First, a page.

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How to make the perfect photo book

How to make the perfect photo book
(Image credit: Artifact Uprising)

Photo gifting is becoming increasingly popular in America. Especially now, with families less able to see each other, people are looking to send personalized gifts that remind themselves and their loved ones of better times, that celebrate life, and that truly capture moments they spent together. 

One of the most popular gifts or keepsakes is the photo book. We have a guide to the best photo book services, who will print and ship them for you, but many feel intimidated at the prospect of creating a high quality album themselves. That's why we spoke to Barrett Brynestad, Artifact Uprising Creative Director, to get his advice on how to make the perfect photo book. 

He's got some great tips that run all the way through from taking and editing the photos, right through to how to choose the right materials for your book, how to get it shipped, and any finishing flourishes that'll make it truly special.

How to prepare your photos

A photobook

(Image credit: Artifact Uprising)

If you're creating a good quality photo book, you'll need the best possible pictures to put in it. You may be lucky enough to have someone else shoot and prep your images for you, but if you just want to use your own, we recommend using some of the best photo editing software to get your pictures into shape. If you're using older images, which you've scanned yourself, then it's especially important that you clean them up, and make sure they're at a high enough resolution for a photo book.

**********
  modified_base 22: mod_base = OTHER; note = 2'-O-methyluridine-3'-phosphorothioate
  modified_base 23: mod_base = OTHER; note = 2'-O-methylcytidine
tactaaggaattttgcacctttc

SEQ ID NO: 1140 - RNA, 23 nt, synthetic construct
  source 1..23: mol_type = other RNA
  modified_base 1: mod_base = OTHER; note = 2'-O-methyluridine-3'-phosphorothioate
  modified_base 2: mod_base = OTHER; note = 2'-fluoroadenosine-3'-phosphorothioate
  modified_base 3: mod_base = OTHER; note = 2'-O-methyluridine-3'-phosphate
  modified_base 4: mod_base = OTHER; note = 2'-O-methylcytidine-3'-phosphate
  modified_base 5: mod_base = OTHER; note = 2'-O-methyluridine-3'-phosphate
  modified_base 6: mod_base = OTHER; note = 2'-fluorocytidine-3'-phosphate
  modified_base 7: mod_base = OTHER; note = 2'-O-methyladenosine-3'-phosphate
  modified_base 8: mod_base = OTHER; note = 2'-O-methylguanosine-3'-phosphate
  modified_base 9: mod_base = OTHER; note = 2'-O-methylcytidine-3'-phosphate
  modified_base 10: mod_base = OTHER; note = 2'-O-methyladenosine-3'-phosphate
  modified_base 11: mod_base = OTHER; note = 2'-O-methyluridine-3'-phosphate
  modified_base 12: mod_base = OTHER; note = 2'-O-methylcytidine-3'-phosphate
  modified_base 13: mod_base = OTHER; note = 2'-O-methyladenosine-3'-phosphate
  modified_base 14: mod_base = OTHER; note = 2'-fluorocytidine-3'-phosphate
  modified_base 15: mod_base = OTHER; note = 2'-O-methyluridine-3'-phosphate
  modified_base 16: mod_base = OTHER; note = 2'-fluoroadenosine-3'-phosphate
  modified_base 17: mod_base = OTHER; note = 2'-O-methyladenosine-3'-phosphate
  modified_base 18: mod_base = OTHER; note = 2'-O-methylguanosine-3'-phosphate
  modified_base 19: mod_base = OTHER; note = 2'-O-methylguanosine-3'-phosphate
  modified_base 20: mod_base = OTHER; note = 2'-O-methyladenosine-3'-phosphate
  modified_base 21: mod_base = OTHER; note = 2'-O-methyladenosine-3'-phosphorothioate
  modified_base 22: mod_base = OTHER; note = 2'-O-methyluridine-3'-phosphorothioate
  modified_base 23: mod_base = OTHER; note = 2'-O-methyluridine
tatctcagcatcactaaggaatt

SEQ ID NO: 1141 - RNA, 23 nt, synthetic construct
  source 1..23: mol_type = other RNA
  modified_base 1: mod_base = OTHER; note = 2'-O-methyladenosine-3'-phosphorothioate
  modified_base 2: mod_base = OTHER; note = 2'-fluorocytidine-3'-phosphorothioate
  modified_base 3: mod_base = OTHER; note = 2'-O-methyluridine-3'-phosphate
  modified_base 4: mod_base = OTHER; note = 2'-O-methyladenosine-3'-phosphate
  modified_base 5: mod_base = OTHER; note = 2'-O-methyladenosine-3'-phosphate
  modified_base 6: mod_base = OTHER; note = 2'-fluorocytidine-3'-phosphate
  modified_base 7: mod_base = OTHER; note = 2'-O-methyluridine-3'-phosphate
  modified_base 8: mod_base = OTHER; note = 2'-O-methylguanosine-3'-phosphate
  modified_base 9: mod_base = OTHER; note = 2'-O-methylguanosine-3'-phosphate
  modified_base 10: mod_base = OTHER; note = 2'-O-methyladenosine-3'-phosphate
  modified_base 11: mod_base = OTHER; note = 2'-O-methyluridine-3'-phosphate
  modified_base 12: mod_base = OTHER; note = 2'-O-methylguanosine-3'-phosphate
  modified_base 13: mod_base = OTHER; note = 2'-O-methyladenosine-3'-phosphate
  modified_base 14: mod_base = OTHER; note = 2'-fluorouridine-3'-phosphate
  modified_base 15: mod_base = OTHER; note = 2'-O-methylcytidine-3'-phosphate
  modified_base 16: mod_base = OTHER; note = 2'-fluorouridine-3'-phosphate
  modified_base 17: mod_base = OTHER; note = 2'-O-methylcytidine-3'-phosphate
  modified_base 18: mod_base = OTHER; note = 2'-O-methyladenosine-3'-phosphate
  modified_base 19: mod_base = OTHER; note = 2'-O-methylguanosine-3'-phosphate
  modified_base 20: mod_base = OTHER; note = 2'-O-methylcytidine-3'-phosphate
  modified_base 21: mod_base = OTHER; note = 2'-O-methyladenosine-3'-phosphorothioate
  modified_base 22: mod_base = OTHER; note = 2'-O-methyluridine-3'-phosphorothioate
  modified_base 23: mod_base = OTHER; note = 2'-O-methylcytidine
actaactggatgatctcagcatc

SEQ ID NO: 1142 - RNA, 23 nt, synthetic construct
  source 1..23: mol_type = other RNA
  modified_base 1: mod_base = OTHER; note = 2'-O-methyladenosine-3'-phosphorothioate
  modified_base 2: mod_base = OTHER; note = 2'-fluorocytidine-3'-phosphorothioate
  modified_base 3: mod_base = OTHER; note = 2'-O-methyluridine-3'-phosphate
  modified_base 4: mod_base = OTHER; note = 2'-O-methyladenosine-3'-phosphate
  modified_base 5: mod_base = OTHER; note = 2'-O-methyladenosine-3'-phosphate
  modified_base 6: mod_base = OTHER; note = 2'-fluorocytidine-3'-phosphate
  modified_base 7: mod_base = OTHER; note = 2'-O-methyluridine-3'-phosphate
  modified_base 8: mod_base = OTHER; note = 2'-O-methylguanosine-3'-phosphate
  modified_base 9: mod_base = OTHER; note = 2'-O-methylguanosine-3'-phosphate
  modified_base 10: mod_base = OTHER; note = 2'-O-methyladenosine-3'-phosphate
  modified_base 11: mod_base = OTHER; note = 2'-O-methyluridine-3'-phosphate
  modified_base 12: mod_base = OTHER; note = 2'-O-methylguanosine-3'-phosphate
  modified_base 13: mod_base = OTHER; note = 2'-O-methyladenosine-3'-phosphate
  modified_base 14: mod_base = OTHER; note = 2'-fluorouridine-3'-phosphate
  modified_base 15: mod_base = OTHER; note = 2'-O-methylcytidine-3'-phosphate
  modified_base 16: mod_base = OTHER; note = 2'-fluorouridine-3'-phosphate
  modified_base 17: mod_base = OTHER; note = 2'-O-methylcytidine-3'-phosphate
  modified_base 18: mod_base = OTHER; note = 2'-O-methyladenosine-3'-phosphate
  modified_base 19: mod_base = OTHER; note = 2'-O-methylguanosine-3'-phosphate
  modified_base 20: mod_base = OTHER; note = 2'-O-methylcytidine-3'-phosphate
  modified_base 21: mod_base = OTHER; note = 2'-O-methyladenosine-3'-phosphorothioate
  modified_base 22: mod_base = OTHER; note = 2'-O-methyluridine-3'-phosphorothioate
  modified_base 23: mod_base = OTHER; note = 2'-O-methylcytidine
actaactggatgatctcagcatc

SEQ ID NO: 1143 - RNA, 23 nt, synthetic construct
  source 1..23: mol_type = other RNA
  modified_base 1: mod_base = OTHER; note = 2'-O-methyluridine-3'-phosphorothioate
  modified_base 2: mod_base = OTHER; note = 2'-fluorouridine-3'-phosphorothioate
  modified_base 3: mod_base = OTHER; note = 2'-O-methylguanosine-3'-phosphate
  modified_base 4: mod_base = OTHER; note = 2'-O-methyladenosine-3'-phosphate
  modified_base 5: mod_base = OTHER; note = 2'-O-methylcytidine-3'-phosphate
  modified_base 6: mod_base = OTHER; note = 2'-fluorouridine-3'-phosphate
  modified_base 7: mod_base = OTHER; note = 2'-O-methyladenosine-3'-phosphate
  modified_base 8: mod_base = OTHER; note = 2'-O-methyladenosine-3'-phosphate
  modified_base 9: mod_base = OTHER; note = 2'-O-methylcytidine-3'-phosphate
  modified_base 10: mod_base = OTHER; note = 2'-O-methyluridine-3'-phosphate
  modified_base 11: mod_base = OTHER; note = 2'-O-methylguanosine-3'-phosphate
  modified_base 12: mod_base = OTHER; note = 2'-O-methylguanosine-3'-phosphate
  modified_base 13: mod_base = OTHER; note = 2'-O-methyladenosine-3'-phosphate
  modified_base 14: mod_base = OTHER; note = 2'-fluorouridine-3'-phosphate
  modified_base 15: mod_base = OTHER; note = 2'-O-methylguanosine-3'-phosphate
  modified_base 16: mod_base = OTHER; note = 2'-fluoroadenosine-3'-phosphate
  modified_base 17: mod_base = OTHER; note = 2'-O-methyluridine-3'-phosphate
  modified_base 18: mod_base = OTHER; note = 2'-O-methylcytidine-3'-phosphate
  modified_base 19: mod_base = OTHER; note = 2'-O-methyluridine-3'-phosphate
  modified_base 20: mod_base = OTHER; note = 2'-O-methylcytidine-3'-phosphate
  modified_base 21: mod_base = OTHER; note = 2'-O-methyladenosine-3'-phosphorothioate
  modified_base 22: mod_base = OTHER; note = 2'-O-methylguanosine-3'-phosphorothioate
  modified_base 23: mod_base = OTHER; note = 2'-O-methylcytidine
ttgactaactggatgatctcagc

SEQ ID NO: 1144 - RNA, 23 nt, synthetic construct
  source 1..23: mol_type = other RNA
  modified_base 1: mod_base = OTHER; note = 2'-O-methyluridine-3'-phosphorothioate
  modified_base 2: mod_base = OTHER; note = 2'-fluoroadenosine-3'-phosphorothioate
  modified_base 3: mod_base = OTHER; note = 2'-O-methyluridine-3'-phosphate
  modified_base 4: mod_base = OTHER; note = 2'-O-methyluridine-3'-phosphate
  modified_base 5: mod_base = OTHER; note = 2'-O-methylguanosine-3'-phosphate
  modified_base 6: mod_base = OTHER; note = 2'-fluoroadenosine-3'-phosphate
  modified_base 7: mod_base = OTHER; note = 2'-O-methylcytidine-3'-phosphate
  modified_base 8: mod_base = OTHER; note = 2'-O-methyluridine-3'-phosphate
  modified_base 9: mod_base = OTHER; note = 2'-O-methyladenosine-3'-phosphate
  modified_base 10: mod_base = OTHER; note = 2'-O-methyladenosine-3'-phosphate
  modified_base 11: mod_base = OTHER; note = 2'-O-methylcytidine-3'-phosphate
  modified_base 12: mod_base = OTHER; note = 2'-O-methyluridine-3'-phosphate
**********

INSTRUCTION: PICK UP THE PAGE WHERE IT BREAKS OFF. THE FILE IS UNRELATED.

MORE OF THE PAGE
Brynestad offers some advice here. "Adjusting the brightness, contrast and saturation and ensuring the photo is cropped to emphasize the scene are some of our go-to steps," he explains. "With old photos, sometimes the color is too long gone, or a sepia tone has taken over an entire negative — don’t strive for perfection here, embrace the light leaks, scratches and dust, these colors and textures are part of the story and help bring the times and places to life in a way that’s impossible to recreate."

In terms of resolution, we recommend that 300dpi (dots per inch) is the ideal resolution, and Brynestad agrees. Some of the best smartphones can deliver this kind of resolution, but you'll definitely get it shooting in RAW with a DSLR or mirrorless camera.

Which pictures should you include in your book?

Photo books

(Image credit: Artifact Uprising)

Often, the problem when you're creating a photo album is knowing what to include, and what you should leave out. With modern cameras and phones allowing us to take as many pictures as our memory cards allow, you'll likely have way more pictures than you can actually fit into the book.

"There are often so many photos you want to include, but it can be helpful to avoid redundancy and be extra-selective with which ones you keep," suggests Brynestad. "When selecting your photos, choose the images that spark emotion, invite the viewer in, or transport them to that moment in time. Often, these are not the posed or overly thought-out photos, but the candid, caught-in-the-moment images where you can hear someone’s laugh or feel the sunlight."